Lock’s football IQ is off the charts. He’s a natural-born leader. He’s charismatic, charming, interesting, and he has every football skill you would look for with coachable weaknesses.

He apparently stayed up at all hours of the night mimicking having plays called into his helmet. He used virtual reality and a camera on Joe Flacco’s helmet to take practice reps for months.

Lock proved on Sunday against the Texans by spreading the ball to just about every active receiver, tight end, or back on the roster that he is not only capable of running the Broncos’ offense well, he’s seeing the field well and making good decisions.

Even when he doesn’t make good decisions, Lock doesn’t seem rattled and comes back out firing when he gets the ball again.

He’s making plays on third down and in the red zone. He’s fitting the ball into tight windows. His accuracy improved dramatically from his first to his second start. The Broncos have an opportunity now to let Lock grow with offensive coordinator Rich Scangarello and the weapons around him on offense.

The counter-argument to all of this is, well what about when defenses get more film on Lock?

To that I would ask, what about when Lock gets more time with his teammates? What about when Lock gets more confidence in the offense and his ability to run it?

It’s not like the Broncos are never going to lose another game, although I hope they win out to end 2019. It’s not like Lock is never going to have to explain why he made certain decisions he did that potentially led to a loss.

The honeymoon phase will not last forever, but the Broncos have a strong enough foundation in two games to build off of for the future.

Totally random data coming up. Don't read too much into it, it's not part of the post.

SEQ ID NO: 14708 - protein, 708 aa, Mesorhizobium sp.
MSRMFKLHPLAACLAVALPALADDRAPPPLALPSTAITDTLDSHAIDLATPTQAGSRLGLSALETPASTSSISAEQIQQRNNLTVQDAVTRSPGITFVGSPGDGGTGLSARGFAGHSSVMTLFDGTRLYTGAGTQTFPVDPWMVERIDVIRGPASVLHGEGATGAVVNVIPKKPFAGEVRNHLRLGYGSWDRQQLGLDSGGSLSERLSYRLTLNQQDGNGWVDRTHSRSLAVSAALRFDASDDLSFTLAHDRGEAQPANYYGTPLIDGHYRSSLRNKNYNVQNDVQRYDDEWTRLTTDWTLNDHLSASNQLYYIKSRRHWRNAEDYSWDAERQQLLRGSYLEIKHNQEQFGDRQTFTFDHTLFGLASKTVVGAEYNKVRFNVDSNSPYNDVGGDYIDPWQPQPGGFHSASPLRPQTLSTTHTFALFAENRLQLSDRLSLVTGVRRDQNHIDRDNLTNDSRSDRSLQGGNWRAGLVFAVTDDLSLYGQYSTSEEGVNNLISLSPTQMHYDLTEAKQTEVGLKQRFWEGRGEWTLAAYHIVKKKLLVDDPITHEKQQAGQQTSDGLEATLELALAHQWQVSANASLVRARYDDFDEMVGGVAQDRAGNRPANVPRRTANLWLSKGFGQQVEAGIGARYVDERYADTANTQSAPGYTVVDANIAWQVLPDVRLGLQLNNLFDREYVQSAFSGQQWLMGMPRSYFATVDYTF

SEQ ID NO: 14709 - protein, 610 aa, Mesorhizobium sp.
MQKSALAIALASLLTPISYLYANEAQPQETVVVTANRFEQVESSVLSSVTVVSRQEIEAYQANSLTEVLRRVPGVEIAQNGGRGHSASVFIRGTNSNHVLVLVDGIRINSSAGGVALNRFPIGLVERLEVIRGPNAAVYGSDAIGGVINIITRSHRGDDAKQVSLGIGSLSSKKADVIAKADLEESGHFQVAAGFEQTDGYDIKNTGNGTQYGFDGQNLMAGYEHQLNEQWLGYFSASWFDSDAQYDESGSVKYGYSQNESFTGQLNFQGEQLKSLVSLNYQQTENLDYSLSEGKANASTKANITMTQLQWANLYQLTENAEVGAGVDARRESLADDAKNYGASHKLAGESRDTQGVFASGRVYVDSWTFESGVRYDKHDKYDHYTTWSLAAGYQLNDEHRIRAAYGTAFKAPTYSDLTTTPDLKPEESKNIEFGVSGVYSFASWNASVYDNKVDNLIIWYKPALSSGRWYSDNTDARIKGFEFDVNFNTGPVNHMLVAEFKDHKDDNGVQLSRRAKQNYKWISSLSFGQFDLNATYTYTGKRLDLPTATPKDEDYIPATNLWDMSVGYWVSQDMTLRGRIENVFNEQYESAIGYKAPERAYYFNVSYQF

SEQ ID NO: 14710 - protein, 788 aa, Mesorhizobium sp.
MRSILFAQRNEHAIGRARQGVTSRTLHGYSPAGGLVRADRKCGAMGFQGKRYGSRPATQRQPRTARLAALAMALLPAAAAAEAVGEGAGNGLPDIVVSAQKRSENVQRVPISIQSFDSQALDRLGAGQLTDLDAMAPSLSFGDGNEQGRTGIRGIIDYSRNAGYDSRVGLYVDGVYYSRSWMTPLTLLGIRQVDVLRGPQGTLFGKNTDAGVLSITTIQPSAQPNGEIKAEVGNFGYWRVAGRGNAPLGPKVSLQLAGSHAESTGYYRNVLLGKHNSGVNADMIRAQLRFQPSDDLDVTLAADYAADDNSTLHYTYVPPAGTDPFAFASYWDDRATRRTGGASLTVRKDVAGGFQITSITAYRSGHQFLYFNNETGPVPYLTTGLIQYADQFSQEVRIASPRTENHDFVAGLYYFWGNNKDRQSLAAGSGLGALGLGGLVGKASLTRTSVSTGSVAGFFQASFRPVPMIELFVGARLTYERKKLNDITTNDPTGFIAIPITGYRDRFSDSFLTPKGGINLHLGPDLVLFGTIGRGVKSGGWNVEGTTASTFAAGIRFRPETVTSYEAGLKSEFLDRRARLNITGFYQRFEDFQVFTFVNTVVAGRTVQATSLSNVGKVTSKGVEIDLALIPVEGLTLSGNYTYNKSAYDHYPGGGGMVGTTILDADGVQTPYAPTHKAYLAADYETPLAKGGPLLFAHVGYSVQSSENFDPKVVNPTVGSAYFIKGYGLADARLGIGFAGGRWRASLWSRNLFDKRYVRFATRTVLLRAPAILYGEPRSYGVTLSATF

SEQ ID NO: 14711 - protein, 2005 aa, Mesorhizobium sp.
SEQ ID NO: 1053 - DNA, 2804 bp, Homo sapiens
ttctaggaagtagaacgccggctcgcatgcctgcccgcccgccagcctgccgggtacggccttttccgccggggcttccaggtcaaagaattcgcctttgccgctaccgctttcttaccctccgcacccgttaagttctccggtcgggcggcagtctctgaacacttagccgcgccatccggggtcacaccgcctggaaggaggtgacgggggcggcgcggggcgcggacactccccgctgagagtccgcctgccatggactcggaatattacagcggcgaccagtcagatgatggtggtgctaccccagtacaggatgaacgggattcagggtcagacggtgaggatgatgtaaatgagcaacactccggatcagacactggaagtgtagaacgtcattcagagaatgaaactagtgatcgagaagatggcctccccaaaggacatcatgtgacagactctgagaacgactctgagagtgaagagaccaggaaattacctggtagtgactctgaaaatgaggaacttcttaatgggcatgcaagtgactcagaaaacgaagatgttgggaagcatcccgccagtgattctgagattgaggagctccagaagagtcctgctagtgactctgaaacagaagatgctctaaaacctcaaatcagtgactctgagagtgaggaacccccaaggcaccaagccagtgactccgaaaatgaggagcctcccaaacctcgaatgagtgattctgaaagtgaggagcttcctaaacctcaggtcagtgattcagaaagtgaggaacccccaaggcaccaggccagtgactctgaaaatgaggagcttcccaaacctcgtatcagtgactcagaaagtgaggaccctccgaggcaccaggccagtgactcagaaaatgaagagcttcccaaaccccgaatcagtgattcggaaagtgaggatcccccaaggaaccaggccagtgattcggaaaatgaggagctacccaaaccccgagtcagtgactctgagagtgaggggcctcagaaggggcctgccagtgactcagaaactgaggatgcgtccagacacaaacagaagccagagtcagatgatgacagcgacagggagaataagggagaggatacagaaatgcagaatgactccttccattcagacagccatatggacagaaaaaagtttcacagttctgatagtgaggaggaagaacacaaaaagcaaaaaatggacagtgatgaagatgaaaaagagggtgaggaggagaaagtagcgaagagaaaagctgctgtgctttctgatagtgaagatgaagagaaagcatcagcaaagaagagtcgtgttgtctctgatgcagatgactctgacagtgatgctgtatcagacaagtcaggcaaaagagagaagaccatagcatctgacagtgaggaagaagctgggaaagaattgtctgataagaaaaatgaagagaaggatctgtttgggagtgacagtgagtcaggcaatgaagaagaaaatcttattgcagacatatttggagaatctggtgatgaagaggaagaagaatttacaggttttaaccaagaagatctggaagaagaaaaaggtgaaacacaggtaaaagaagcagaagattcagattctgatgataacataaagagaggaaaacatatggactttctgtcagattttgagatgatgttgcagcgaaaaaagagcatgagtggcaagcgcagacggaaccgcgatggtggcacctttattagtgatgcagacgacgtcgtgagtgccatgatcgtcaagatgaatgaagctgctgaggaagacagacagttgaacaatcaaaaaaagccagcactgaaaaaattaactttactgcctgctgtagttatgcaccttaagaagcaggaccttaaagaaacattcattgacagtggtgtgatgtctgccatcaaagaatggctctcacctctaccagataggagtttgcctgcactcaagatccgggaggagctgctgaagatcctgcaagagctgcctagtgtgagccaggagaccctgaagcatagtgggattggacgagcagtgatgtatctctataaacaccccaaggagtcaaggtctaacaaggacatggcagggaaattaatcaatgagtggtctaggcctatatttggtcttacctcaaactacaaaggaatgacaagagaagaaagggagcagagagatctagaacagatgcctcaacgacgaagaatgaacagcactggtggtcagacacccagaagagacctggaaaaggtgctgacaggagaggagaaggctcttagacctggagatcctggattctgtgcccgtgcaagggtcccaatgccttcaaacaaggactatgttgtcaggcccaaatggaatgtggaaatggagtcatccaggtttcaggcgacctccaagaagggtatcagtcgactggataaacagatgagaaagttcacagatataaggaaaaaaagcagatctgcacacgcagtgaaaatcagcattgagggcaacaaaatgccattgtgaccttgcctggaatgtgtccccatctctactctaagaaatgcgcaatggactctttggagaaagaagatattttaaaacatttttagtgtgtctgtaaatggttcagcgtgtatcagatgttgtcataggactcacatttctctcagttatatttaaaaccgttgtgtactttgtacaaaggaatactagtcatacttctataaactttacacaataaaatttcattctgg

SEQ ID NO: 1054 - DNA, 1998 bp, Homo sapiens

The quarterback position is not a need for the Broncos.

Not in my mind.

In the NFL, picking a quarterback to build around always involves some level of faith or belief in something you haven’t yet seen. Even when the Broncos signed Peyton Manning, I remember a large section of Broncos Country that hated the move because Manning had five neck procedures and was apparently past his prime.

If building around a young quarterback in the NFL requires that you put some faith in a guy, how could you choose someone other than Drew Lock at this point? Regardless of what happens in the next three games, Lock has shown enough to prove himself worthy of being the guy the team builds around for the future.

When was the last time the Broncos had a quarterback and offensive coordinator end one season together and begin the next together? And Trevor Siemian doesn’t count, because he was in camp competitions both times.

The Broncos need to (continue to) build their offense around Drew Lock. They need to invest in the guy they were fortunate to be able to land in the first place.

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With almost $67 million in cap space before any decisions are made with possible cap casualties and five selections in the top 100 of the 2020 NFL Draft, the Broncos have prime assets to build around a young quarterback, and that guy is finally on the roster.